On economic amnesia

Economists, one might assume, have something useful to say about the current problems afflicting the world economy. Yet, since the crash of 2008 there has been a considerable amount of reflection in parts of the discipline about its failure to anticipate the crash and its failure to offer effective prescriptions for getting the economy out of the hole it’s in. Of course, elsewhere in the discipline it is business as usual – with a range of prescriptions for privatisation and deregulation at the microlevel and fiscal restraint at the macrolevel.

This week’s Nobel announcements are salutary in that respect. Olaf Storbeck described them as a prize for the Ancien Régime. He was criticised for doing so, but his intervention might be better seen as simply the most recent in a chorus of disapproval directed at an approach to macroeconomics that came to dominate the field. Thomas Sargent, who shared this year’s prize, did as much as anyone to propel rational expectations and new classical macroeconomic models to the forefront of the field, and his macroeconometric work has been hugely influential. That is why he was awarded the Nobel prize. But that can be separated from the question of whether, looked at from a broader perspective, such models actually shed much light on the way the economy operates.

Some see the solution to the problems afflicting macroeconomics as the need to search for new ideas. Paul Krugman has recently argued, on the contrary, that the problem is that the discipline has amnesia. Read more of this post

Global Political Leadership – The Need For Bravery And Vision

Today I posted over at Dale & Co:

The global financial system continues to convulse. The latest shock to the system is the exposure of an alleged $2bn fraud at UBS. Grave concerns about the external regulation of the financial system are reinforced by equally serious concerns about the internal regulation of investment banks. And, lest we forget, this $2bn bet that went wrong follows commitments by investment banks that they had overhauled their governance structures so this sort of thing wouldn’t happen again.

Today finance ministers are meeting in Poland to see if they can work out what to do to stave off the implosion of the Eurozone, and closer to home the political classes are still digesting the proposals contained in the Vickers report.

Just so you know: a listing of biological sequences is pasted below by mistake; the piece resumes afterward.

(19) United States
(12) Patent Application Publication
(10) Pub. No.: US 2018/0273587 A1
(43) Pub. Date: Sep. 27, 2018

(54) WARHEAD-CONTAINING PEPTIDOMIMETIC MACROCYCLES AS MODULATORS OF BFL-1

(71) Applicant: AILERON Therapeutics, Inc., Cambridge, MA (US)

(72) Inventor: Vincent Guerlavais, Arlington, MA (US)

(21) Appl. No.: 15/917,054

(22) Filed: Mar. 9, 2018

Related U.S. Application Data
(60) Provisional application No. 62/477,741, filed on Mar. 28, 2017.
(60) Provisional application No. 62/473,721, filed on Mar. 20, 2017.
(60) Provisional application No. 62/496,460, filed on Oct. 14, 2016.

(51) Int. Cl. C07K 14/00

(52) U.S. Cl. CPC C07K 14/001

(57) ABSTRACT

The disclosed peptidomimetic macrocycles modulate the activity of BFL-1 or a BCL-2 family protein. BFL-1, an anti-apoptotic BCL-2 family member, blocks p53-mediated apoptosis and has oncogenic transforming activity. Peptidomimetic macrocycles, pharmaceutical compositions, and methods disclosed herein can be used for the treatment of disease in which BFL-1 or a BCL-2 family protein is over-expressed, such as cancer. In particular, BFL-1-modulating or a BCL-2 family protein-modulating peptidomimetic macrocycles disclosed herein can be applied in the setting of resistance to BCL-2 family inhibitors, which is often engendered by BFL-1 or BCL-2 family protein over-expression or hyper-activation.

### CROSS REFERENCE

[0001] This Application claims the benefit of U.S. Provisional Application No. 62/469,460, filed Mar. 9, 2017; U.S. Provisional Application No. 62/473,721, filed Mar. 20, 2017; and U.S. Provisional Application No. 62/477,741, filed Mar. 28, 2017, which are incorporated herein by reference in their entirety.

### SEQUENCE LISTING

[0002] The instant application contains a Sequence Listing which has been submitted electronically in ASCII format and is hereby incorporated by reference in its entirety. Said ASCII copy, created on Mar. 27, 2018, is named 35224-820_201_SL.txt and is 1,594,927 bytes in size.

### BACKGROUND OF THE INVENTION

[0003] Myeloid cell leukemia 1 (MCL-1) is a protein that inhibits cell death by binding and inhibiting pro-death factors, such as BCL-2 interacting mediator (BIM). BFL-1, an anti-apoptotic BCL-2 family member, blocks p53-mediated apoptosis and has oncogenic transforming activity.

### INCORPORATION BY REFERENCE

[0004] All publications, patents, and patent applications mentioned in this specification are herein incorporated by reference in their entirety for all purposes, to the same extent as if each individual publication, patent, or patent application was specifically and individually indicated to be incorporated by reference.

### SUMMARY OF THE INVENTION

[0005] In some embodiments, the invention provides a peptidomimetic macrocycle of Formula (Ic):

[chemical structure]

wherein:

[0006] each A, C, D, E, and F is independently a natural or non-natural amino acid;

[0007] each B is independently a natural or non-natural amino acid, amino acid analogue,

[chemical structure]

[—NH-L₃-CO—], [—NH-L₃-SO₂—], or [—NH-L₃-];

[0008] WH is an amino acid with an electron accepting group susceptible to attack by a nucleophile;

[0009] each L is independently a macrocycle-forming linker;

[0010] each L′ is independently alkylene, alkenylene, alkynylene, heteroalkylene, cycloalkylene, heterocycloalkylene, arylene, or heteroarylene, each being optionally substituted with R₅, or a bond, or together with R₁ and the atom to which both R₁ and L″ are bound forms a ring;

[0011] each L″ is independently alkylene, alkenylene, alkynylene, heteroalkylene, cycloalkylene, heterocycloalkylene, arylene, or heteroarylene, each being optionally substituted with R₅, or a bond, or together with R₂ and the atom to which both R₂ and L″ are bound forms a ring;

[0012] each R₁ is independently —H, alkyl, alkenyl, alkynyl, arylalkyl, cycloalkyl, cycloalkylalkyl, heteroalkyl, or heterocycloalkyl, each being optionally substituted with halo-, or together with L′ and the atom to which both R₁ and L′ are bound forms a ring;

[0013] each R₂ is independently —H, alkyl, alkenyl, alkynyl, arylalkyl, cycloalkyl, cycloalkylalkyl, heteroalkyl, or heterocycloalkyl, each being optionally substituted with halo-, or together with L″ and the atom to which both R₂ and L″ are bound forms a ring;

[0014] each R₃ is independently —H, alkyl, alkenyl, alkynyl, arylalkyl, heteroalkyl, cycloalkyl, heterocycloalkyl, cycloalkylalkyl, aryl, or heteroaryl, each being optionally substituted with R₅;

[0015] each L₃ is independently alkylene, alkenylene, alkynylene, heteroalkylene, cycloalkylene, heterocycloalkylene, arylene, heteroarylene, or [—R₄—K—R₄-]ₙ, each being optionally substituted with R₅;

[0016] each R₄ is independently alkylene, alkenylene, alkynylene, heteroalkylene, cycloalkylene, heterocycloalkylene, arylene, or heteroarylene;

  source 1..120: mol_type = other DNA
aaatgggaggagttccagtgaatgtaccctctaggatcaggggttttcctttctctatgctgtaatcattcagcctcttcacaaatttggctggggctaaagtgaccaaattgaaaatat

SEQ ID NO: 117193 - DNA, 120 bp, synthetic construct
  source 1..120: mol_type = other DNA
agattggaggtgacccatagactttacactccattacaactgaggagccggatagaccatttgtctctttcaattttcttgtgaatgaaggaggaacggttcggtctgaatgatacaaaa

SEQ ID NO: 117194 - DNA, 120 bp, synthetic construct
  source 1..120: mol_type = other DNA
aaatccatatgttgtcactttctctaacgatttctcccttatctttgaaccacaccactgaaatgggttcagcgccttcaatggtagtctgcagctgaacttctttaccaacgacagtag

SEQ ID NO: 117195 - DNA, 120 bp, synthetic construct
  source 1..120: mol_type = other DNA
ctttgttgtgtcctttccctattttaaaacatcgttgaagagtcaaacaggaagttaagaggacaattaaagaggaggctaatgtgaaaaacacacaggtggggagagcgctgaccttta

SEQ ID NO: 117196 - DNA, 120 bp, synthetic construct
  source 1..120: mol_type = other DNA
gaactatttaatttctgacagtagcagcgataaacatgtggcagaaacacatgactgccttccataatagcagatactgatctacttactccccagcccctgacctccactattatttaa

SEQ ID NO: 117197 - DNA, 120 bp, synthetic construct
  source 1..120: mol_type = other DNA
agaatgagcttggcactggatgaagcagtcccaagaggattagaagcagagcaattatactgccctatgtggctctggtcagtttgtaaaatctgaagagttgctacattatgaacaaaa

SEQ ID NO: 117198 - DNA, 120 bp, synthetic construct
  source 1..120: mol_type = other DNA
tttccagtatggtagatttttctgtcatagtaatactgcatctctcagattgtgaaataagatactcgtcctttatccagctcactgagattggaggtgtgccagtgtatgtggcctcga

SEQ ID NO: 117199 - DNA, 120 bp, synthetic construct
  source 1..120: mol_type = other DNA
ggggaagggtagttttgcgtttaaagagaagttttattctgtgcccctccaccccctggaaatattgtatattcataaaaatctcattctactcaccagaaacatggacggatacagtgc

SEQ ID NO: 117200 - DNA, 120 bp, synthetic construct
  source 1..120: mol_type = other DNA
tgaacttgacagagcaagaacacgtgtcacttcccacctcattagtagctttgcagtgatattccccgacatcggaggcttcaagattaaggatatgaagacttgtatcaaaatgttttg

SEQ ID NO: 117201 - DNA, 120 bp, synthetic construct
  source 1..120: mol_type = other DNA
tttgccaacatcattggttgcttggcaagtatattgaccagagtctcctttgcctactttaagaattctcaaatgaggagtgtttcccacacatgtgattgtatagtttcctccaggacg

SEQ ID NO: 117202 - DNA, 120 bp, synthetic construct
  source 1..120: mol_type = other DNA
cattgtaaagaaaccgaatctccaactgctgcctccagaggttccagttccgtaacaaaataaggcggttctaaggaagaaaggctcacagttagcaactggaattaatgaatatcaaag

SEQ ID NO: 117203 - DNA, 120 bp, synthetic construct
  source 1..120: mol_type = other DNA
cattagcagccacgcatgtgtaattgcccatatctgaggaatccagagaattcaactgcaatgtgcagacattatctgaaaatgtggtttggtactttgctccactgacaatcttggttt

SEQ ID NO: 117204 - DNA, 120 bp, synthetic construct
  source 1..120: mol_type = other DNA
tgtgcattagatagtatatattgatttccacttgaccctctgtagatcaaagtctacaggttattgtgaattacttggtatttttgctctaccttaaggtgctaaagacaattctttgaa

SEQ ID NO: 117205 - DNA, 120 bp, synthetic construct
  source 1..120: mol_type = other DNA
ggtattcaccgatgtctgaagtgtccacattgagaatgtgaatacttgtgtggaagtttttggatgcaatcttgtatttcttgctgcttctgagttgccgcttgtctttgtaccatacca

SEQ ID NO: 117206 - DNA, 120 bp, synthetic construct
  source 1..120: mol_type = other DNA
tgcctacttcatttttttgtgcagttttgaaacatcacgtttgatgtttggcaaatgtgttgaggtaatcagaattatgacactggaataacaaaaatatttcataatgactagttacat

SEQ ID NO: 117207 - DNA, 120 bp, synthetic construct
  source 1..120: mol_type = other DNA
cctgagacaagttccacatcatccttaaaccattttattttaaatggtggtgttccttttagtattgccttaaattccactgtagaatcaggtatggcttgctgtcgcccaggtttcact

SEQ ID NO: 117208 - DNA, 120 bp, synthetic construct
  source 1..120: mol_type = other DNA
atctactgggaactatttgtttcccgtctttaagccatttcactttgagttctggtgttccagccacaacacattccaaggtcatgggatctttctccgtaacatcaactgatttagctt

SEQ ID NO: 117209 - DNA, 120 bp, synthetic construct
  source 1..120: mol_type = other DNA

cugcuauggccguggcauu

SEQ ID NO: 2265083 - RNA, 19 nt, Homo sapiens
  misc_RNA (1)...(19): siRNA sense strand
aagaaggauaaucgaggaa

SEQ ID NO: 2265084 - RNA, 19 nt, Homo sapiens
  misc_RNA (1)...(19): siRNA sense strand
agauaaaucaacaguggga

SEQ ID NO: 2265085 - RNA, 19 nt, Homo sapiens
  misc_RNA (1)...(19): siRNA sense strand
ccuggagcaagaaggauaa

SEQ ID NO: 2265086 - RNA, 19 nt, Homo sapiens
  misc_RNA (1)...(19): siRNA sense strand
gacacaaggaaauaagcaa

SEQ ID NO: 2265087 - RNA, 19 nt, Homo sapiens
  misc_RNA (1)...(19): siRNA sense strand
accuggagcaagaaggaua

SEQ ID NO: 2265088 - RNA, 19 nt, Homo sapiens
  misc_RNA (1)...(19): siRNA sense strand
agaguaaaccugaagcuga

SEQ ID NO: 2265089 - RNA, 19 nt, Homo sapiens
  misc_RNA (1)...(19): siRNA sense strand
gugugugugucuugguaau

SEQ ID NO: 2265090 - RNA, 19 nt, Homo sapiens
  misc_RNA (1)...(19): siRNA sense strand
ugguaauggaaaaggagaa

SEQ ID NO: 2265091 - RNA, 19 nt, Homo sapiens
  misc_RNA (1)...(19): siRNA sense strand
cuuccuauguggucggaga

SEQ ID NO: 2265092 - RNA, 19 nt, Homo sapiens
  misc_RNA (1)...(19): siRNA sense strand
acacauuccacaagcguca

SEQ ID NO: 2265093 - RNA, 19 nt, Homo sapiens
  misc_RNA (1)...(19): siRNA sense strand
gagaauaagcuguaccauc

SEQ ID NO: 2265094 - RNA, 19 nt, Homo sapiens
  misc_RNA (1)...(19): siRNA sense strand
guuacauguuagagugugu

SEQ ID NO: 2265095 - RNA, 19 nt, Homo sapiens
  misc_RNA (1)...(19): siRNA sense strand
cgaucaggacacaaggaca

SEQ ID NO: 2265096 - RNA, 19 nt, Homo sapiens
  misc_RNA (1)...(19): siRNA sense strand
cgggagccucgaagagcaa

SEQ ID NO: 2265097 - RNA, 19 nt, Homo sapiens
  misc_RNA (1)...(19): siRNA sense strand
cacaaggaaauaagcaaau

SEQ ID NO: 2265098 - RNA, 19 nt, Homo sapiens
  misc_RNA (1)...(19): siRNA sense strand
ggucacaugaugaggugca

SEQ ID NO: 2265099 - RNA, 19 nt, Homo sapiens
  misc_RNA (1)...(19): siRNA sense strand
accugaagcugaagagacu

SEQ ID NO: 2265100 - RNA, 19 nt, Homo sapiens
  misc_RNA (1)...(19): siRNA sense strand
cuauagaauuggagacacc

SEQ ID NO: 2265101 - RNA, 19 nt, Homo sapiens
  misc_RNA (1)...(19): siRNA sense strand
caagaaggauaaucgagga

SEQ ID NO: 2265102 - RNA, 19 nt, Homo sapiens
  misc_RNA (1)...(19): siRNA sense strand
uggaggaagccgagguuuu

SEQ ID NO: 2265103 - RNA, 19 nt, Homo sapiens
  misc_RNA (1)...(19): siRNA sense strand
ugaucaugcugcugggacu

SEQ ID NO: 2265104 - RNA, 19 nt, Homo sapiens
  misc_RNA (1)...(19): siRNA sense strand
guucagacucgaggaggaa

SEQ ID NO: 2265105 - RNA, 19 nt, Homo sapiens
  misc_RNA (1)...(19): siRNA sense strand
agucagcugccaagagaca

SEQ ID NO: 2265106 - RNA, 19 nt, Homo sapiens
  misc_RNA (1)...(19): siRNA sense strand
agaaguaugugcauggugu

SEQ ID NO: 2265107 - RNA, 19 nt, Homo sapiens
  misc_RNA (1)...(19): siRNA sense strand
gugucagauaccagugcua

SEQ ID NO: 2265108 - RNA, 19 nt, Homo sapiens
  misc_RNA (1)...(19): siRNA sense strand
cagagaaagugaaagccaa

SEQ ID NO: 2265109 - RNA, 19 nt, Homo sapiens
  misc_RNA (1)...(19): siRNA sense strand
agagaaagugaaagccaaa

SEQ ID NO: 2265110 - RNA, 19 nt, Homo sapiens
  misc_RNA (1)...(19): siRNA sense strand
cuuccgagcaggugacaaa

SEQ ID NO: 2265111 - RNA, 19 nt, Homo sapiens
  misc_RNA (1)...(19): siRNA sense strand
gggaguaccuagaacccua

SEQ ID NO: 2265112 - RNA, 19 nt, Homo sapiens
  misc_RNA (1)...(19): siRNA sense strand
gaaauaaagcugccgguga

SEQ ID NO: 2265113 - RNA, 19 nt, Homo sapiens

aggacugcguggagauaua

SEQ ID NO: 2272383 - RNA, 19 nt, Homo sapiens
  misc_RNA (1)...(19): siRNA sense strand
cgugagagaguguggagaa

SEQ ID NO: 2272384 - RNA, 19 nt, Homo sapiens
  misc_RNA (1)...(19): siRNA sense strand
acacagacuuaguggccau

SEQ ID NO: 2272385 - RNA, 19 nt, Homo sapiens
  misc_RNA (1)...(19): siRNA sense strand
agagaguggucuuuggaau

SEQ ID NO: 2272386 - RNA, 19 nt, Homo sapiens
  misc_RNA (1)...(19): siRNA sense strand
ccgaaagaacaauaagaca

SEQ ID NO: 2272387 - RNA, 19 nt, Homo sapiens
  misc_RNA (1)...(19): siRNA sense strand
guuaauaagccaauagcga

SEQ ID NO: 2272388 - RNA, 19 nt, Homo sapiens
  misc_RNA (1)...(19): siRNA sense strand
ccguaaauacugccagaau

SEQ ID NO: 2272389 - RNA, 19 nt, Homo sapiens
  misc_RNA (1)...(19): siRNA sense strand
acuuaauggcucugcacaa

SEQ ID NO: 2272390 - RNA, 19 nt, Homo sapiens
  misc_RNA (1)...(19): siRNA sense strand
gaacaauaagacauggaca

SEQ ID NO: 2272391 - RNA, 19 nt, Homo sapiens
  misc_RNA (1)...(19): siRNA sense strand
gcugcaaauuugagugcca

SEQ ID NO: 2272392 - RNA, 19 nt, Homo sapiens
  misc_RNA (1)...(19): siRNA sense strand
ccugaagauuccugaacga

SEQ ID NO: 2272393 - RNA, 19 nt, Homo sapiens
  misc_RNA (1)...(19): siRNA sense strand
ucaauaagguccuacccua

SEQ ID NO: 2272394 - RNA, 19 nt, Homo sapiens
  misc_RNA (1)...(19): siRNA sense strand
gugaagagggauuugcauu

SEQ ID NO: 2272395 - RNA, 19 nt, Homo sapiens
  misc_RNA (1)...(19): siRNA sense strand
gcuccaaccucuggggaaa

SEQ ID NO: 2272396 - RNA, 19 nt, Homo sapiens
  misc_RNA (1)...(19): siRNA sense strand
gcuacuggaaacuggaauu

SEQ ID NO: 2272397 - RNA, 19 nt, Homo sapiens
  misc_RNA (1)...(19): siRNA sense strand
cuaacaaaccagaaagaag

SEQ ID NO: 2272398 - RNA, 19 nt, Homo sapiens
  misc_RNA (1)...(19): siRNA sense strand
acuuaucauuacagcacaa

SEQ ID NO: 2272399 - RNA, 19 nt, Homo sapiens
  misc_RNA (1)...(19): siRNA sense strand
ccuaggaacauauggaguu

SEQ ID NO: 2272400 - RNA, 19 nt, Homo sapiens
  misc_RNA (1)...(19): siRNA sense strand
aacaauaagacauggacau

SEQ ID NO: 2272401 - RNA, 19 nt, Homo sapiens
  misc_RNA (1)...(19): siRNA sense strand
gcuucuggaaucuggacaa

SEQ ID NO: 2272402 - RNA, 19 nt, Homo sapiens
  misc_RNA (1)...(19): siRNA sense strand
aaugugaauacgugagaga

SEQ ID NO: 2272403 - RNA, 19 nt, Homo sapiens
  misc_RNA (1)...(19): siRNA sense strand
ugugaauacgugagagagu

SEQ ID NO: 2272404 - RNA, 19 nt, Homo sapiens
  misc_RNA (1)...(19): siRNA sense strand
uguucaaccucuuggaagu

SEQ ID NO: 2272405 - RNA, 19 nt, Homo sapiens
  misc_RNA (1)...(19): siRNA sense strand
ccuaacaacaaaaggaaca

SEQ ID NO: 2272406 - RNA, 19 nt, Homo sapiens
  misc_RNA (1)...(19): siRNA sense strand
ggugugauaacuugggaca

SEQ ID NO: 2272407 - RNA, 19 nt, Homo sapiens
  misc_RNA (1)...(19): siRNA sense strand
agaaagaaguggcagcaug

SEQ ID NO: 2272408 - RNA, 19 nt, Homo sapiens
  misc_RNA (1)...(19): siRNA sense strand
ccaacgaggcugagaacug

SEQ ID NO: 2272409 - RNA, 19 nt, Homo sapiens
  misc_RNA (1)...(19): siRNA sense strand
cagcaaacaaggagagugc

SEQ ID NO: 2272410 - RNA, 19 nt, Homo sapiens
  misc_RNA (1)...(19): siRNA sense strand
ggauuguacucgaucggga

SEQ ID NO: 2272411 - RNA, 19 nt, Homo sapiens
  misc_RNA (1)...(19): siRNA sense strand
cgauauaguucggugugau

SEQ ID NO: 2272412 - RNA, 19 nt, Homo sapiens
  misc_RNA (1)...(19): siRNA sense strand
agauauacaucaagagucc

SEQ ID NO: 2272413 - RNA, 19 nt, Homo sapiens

The seriousness of the financial crisis is hard to overstate. But even so the political diagnosis of the problem lacks vision and bravery. Read more of this post

The riots and the return to the big picture

Last week’s riots were shocking. The effect upon the many communities, families and individuals affected was undoubtedly profound. They have prompted plenty of soul searching and a wide range of diagnoses. If we are optimistic we should hope that they act as a catalyst for addressing problems of urban Britain that have been developing over many years.

The riots have not shown the political classes in a great light. There was the slow response from the Government – was this really a situation sufficiently serious to justify curtailing our vacations? There was the muddle over who has shaped policing strategy, leading to a potentially damaging war of words between the Government and senior police officers. And there is the extraordinary range of illiberal and disproportionate measures that David Cameron has seen fit to propose in response to the crisis. He seemed intent on manufacturing a full blown moral panic in order to take a worryingly authoritarian turn. Liberal Democrat MPs are clearly very uneasy at the way in which Mr Cameron has changed his tune from those far off days of compassionate Conservatism.

The riots have pushed just about everything else to the back of the news agenda for the last week. That is deeply unfortunate for at least two  reasons associated with this period of momentous – indeed unprecedented – economic turmoil. Read more of this post

Greece and the augurs of global disaster

Current events in Greece are genuinely transformational in more ways than one. Clearly the Greek economy is in a heck of a mess. It is not at all obvious whether either of the future directions on offer – eye-watering austerity, on the one hand, or default, exit from the euro and return to the drachma, on the other – offers the better economic route forward for Greece. But it is clear which direction European authorities see as better for the wider Eurozone.

Greek default would create turmoil and render the viability of the Spanish, Italian and Irish economies questionable as creditors sought to reassess and downgrade their holdings of sovereign debt. It would pose serious questions for banks across the Eurozone, in particular in France and Germany. While Greece accounts for a very small component of total Eurozone economic activity it is the symbolic significance of a default – and the profoundly negative chain of events that it could set off – that is feared. Read more of this post

Dr Cable: the Cassandra within Cabinet?

Vince Cable seems to be occupying a somewhat awkward role in Government as the Coalition enters its second year. While continuing as Secretary of State for Business, Innovation and Skills, he appears to be acting as agent provocateur-in-chief of the new style Lib Dem “opposition within government”. He popped up as the surprise guest at the recent Fabian Progressive Fightback conference. And ConservativeHome placed him squarely at the top of their Yellow B**tards Premier League.

Yet, while this role appears rather awkward from the point of view of cabinet unity and collective responsibility, you get the sense that it is more congenial to Vince personally.

Vince is at it again in an interview in the current New Statesman. Read more of this post

Follow

Get every new post delivered to your Inbox.